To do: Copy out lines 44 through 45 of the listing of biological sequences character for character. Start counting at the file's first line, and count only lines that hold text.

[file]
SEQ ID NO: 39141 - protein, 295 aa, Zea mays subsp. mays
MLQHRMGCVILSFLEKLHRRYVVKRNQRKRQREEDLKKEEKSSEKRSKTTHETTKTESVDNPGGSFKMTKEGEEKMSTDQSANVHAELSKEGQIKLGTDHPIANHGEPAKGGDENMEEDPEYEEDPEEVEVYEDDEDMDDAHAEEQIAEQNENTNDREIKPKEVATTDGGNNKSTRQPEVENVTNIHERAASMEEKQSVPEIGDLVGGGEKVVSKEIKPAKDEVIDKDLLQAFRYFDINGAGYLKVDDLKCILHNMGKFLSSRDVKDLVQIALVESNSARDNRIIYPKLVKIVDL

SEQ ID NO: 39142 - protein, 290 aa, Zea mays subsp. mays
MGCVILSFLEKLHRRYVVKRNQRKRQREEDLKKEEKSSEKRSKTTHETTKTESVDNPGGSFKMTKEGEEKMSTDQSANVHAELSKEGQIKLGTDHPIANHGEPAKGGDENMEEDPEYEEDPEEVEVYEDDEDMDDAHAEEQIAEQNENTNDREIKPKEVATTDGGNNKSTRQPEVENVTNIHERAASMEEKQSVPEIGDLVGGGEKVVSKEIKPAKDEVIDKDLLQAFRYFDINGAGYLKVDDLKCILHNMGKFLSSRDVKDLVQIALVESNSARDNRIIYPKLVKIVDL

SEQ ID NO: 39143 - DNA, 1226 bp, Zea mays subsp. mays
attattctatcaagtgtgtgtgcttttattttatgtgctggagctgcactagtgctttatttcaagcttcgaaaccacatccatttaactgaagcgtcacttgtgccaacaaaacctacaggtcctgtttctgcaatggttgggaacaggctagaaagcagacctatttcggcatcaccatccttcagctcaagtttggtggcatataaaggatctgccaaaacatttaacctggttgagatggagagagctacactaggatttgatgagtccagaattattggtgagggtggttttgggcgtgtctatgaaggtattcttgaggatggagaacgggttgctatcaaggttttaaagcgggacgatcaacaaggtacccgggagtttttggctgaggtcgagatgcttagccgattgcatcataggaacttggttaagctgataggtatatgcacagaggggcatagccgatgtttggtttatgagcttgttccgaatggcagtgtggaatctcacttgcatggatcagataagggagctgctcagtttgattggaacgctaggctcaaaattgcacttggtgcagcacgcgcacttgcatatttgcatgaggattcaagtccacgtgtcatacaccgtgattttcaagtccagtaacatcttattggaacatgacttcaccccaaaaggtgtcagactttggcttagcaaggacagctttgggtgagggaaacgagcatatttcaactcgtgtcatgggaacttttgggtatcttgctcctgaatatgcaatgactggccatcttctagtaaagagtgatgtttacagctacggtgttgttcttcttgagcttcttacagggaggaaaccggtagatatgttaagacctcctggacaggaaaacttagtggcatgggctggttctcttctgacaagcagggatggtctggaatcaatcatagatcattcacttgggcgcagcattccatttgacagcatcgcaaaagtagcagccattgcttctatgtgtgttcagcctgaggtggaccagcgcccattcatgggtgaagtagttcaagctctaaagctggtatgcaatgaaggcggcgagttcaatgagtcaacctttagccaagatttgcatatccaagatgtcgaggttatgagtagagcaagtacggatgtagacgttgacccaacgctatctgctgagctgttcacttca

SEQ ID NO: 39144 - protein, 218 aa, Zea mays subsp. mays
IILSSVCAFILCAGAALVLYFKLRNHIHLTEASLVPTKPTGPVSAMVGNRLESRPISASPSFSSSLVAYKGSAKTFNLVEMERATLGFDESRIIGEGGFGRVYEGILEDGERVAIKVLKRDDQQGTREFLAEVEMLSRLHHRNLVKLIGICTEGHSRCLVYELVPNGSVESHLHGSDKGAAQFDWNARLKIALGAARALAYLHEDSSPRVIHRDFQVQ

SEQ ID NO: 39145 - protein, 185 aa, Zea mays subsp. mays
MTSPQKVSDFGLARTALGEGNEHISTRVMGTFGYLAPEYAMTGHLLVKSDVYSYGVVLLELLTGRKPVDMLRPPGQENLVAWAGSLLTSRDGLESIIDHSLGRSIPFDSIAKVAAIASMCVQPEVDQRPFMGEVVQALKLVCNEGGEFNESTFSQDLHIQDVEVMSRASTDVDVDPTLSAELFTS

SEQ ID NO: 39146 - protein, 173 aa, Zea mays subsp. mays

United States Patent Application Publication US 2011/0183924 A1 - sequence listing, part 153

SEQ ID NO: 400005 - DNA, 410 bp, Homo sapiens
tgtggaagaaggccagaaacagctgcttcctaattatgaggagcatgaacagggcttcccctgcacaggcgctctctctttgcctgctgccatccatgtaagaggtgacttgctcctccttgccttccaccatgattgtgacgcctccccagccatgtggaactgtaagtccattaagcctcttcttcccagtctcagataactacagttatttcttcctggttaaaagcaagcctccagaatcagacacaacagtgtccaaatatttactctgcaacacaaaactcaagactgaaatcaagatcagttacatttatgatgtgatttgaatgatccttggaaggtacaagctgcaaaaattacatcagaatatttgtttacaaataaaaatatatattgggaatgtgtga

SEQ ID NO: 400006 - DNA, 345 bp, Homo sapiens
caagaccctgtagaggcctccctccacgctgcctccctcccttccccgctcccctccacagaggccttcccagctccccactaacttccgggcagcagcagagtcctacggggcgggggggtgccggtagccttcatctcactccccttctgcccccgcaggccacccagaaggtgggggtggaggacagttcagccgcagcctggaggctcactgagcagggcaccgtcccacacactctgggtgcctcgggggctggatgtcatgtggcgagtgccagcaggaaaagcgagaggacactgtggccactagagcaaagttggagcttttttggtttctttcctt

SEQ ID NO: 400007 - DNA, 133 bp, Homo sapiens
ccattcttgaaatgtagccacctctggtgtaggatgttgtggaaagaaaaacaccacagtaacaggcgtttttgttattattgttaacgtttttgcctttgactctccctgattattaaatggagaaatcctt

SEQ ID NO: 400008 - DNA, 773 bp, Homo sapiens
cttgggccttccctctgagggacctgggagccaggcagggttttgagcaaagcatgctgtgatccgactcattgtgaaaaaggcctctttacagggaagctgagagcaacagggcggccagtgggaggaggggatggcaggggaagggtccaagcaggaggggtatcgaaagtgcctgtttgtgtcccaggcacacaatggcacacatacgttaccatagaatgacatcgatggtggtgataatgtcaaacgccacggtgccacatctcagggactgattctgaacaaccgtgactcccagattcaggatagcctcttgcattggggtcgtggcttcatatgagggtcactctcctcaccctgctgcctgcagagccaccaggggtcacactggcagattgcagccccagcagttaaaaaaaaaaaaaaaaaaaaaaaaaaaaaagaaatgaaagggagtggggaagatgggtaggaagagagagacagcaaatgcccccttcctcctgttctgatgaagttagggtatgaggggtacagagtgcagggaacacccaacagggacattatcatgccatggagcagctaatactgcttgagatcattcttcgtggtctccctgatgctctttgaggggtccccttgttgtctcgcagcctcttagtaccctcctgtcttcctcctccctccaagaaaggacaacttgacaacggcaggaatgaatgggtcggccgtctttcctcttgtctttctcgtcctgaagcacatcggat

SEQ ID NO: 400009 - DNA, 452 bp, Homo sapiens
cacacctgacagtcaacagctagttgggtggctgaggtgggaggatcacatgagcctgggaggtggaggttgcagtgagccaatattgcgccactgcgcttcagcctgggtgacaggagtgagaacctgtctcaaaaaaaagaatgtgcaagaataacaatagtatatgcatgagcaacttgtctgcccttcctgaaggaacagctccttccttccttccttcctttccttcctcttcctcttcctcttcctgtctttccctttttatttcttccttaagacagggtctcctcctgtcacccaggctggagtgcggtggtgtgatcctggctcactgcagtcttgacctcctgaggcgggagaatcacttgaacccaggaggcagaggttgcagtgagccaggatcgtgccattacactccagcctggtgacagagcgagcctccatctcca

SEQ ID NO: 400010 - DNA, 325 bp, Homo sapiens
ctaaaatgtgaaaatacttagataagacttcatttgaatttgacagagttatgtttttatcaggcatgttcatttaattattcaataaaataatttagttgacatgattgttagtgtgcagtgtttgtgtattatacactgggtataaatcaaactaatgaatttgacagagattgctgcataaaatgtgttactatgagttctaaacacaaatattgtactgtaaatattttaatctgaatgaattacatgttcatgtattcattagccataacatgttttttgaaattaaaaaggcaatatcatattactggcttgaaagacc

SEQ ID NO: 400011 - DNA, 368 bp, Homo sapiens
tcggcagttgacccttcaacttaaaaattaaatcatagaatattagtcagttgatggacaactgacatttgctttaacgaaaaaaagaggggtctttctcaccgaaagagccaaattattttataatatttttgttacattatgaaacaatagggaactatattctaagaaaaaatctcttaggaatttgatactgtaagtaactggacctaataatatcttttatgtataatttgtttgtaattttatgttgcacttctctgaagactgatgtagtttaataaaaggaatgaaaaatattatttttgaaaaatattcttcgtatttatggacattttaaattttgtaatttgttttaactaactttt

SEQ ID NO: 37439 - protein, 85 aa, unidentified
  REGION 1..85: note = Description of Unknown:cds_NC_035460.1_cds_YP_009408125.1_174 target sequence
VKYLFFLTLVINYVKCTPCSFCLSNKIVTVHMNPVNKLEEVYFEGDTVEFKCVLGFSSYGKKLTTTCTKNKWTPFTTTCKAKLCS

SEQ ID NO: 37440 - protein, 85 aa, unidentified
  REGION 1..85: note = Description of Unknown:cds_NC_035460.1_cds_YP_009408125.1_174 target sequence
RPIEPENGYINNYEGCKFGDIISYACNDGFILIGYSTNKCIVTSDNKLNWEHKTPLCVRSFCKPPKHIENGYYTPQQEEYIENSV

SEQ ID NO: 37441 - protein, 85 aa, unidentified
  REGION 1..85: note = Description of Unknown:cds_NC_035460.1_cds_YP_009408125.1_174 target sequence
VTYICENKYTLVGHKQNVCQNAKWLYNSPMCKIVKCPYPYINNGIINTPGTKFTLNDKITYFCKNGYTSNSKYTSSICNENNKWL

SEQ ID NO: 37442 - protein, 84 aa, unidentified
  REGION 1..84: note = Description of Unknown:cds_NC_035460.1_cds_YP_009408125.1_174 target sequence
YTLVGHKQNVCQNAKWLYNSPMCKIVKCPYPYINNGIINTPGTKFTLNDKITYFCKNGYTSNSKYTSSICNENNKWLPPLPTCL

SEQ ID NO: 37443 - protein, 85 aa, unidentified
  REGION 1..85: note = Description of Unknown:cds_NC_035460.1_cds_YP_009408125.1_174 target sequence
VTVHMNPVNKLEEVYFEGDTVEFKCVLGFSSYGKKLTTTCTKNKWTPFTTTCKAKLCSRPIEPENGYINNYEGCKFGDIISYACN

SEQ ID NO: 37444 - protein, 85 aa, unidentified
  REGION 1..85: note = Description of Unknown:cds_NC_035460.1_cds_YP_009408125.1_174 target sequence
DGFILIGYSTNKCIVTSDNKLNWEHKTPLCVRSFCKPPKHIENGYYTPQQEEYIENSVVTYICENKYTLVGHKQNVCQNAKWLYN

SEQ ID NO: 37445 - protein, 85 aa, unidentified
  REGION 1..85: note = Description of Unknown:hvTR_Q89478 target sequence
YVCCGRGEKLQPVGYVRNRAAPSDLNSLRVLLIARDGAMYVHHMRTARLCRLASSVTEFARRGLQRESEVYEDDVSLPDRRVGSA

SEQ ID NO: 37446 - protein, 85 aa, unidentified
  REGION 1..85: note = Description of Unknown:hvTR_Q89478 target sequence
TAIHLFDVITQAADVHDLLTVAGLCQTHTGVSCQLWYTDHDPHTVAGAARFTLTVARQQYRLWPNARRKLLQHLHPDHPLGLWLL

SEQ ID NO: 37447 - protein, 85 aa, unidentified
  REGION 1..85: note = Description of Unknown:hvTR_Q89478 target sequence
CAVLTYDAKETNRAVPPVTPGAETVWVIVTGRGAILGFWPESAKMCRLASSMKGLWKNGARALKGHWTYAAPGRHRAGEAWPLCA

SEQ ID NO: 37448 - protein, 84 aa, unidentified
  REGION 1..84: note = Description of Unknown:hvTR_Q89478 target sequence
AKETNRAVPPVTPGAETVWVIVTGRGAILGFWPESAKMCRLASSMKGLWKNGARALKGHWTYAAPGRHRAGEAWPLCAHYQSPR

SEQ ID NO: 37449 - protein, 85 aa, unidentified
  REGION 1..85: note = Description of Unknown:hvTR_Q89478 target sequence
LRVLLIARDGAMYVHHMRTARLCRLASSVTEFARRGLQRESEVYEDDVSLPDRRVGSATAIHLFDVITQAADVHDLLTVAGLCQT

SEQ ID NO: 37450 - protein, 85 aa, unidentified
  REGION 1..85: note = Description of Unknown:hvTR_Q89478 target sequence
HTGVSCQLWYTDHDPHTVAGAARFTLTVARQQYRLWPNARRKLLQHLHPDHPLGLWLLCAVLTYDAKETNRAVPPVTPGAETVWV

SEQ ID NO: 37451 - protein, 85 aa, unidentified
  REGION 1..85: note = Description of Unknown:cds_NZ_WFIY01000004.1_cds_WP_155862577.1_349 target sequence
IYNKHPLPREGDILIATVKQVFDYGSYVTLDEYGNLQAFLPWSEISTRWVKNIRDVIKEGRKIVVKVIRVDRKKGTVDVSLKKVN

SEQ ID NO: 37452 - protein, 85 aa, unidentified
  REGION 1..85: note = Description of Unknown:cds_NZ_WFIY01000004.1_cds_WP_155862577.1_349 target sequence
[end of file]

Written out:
DGFILIGYSTNKCIVTSDNKLNWEHKTPLCVRSFCKPPKHIENGYYTPQQEEYIENSVVTYICENKYTLVGHKQNVCQNAKWLYN

SEQ ID NO: 37445 - protein, 85 aa, unidentified